Deafness can be inherited right from birth. Inherited deafness can also develop over time during childhood or adulthood.

Deafness has many causes, including genetic causes, which constitutes about 50% to 60% of deafness among babies.

There are also environmental factors that result in deafness, such as maternal infections during pregnancy and certain complications after birth.


People born with deafness usually inherit the condition from parents who have other disabilities.

A common disability that occurs with deafness is vision abnormalities. Kids born with deafness may also experience developmental delays that are part of their genetic inheritance.


When a kid is born with a genetic disorder that results in deafness, he must undergo thorough evaluations with an ENT doctor or audiologist.

These specialists can help to identify co-morbid conditions like speech and swallowing disorders that may result in more problems with the kid’s growth and development.

Early diagnosis translates to early intervention. Early intervention services include speech therapy, hearing aids, cochlear implants, etc.


illustration DNA wire frame


Deafness Caused by Genetics

Genes work by instructions. These instructions are what tells the cells of the human body how to grow and work.

For instance, the instructions contained in genes determine the colour of a person’s eyes. Many genes also determine a person’s hearing.

And sometimes, a gene doesn’t form as expected. This situation is what is referred to as Mutation.


Some mutations run in the family, and others do not. If more than one person has deafness in the family, it is called Familial, meaning it runs in the family.

Dominant and recessive genes are responsible for the likelihood of a person developing deafness caused by mutated genes.


a. Dominant gene mutation

A dominant gene mutation that causes hearing loss can come from either the mother or father. The chances of passing this mutation to the kid are one in two.

The dominant genes usually do not have the same effect on everyone. A gene can cause profound deafness in one family and another family.

In other cases, it may not affect any of the kids’ hearing at all.

A dominant gene mutation may have existed in the family for generations, but it can also show up in a family, for the first time, without a history of deafness.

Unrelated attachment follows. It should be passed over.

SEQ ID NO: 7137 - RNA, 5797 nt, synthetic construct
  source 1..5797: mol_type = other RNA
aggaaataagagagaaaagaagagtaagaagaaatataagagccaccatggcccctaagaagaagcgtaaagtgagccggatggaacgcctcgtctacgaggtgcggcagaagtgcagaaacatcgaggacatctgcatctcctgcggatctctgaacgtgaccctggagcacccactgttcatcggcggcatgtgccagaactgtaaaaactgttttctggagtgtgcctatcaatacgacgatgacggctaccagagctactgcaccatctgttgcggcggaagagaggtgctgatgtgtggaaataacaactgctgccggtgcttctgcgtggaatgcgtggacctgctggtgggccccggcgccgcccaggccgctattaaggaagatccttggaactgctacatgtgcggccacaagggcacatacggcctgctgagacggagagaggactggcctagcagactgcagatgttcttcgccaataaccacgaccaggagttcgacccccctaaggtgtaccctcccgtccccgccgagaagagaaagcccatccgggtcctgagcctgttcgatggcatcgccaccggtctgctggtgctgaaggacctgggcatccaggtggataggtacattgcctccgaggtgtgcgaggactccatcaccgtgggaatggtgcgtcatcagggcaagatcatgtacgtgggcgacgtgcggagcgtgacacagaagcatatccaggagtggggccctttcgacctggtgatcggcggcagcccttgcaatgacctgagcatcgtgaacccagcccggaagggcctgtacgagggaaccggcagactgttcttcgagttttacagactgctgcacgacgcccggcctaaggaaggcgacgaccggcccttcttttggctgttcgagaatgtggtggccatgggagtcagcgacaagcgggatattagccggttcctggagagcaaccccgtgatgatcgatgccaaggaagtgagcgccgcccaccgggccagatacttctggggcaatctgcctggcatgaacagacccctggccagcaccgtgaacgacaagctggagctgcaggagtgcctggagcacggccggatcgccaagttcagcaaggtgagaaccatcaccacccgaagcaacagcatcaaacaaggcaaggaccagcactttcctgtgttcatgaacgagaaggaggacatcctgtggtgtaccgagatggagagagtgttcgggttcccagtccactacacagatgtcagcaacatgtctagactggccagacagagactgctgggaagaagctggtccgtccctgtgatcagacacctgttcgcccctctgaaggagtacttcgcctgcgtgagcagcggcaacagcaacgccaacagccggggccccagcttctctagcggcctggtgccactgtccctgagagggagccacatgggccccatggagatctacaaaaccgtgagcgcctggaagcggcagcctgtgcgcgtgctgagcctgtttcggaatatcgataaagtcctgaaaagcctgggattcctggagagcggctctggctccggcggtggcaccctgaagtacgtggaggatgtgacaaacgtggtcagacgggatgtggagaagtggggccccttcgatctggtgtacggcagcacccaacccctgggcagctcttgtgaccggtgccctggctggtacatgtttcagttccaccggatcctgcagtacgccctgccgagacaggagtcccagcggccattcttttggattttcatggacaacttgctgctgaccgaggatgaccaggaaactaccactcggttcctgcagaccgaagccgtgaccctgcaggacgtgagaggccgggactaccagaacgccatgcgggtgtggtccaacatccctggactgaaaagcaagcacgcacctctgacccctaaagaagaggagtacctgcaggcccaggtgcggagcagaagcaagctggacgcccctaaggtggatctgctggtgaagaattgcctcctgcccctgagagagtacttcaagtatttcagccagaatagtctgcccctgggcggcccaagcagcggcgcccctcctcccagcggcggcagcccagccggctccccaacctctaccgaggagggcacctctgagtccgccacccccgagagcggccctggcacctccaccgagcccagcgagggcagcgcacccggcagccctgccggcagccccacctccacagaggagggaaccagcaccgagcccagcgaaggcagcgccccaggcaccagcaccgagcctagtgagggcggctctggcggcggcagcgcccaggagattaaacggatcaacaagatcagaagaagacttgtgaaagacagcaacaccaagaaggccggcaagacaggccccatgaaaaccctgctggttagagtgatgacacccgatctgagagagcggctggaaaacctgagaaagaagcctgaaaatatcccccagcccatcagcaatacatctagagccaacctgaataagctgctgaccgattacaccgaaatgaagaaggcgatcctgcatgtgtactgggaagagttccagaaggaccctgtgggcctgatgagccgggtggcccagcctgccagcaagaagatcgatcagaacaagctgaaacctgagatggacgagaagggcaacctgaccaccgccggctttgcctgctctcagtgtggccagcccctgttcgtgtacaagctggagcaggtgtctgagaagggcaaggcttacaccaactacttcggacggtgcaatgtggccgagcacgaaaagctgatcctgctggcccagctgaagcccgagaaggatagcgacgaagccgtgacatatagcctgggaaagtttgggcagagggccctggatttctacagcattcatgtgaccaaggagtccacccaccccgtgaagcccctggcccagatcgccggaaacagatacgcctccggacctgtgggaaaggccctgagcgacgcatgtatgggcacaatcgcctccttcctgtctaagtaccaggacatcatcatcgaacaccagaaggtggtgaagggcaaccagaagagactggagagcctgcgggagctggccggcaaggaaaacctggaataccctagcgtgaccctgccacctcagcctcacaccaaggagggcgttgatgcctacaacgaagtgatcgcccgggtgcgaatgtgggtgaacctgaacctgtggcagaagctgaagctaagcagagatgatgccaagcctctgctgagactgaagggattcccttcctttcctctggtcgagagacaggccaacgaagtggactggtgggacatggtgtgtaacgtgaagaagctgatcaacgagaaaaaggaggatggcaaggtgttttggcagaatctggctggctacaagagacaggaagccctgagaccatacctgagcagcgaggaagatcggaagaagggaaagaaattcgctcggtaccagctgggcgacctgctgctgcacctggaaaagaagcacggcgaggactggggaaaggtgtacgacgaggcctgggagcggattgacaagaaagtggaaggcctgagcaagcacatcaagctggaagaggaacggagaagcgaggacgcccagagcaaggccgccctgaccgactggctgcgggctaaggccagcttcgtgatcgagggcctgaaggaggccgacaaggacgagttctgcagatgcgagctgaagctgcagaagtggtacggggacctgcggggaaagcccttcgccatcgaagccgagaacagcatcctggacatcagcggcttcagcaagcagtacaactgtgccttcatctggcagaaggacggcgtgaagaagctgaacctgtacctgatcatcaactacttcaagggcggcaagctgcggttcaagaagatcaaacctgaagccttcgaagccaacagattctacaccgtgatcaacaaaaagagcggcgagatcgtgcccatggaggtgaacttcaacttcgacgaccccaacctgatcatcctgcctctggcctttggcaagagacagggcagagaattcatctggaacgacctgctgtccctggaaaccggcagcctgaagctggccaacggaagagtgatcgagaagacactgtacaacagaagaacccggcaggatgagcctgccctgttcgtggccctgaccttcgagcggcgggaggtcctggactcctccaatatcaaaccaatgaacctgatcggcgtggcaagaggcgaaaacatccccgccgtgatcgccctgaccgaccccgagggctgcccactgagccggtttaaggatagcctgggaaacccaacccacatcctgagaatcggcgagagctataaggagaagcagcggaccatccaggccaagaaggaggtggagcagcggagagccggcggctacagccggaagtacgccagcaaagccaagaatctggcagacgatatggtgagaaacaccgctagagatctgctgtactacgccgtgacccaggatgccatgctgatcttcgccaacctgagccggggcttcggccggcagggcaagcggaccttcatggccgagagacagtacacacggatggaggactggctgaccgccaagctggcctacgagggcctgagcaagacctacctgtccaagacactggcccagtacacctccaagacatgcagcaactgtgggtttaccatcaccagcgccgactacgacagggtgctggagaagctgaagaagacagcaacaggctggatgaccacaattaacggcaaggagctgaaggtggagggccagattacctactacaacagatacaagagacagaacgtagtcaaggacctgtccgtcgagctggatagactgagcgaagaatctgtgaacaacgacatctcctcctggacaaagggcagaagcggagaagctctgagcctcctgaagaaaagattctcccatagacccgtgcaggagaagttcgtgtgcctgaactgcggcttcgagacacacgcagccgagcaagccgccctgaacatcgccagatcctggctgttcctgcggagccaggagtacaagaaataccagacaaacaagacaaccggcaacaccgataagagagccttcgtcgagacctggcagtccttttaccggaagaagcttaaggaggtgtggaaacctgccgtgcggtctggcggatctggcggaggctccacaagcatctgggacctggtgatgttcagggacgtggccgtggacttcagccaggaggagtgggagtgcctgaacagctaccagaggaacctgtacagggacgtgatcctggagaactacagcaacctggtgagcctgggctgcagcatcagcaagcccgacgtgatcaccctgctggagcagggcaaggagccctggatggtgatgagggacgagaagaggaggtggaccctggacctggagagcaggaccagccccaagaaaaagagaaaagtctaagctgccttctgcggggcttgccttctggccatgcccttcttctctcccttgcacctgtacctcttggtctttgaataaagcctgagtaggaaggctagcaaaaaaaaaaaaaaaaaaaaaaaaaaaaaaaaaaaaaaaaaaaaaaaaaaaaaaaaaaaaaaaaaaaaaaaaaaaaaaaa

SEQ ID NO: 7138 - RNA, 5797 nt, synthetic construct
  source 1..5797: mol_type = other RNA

b. Recessive gene mutation

Both parents must have to transfer a recessive gene mutation that causes deafness in a kid. If the child inherits one copy of the affected gene from one parent, they will be carriers.

It means that even though they can hear, they might still pass the affected gene to their offspring. A person who is deaf as a result of recessive mutation may have parents who can hear perfectly.

They are also likely to have both hearing and deaf kids and no history of deafness in the family, although the deafness is genetic.


c. Mitochondrial gene mutation

Most genes can be found in the chromosomes, while others are found in mitochondria structures.

Mitochondria are in the cells of our bodies and inherited from mothers. If a mutation in the gene causes deafness, only the mother can pass the deafness to the kids.

However, both male and female offspring can have this type of deafness.


Scientist holding a DNA gel revealing


Genetic Testing

Genetic testing can compare the sequence of a person’s gene with that of the regularly occurring gene.

This comparison may help detect mutations that could stop the gene from working.

Understanding the genetic cause of a person’s hearing challenge can lead to improved decisions about treatment and management.


Sometimes, genetic information can help predict if the hearing condition will remain the same or whether it will worsen over time.

Knowing the genetic cause of the condition is also useful in ascertaining the kind of damage that happened to the hearing system that leads to deafness.

The information is vital because how the inner ear is damaged might affect how a cochlear implant or other devices will help the patient.

Also, because mutations in specific genes cause syndromic hearing loss, genetic testing helps determine if problems besides hearing loss may be present or may come up in the future.


In a Nutshell

If you suspect your kid might have hearing loss, don’t wait, consult an ENT specialist or audiologist immediately for a hearing test.

Deafness in kids can lead to other developmental delays. Early diagnosis can ensure early intervention, which includes speech therapy, hearing aids, cochlear implants, etc.

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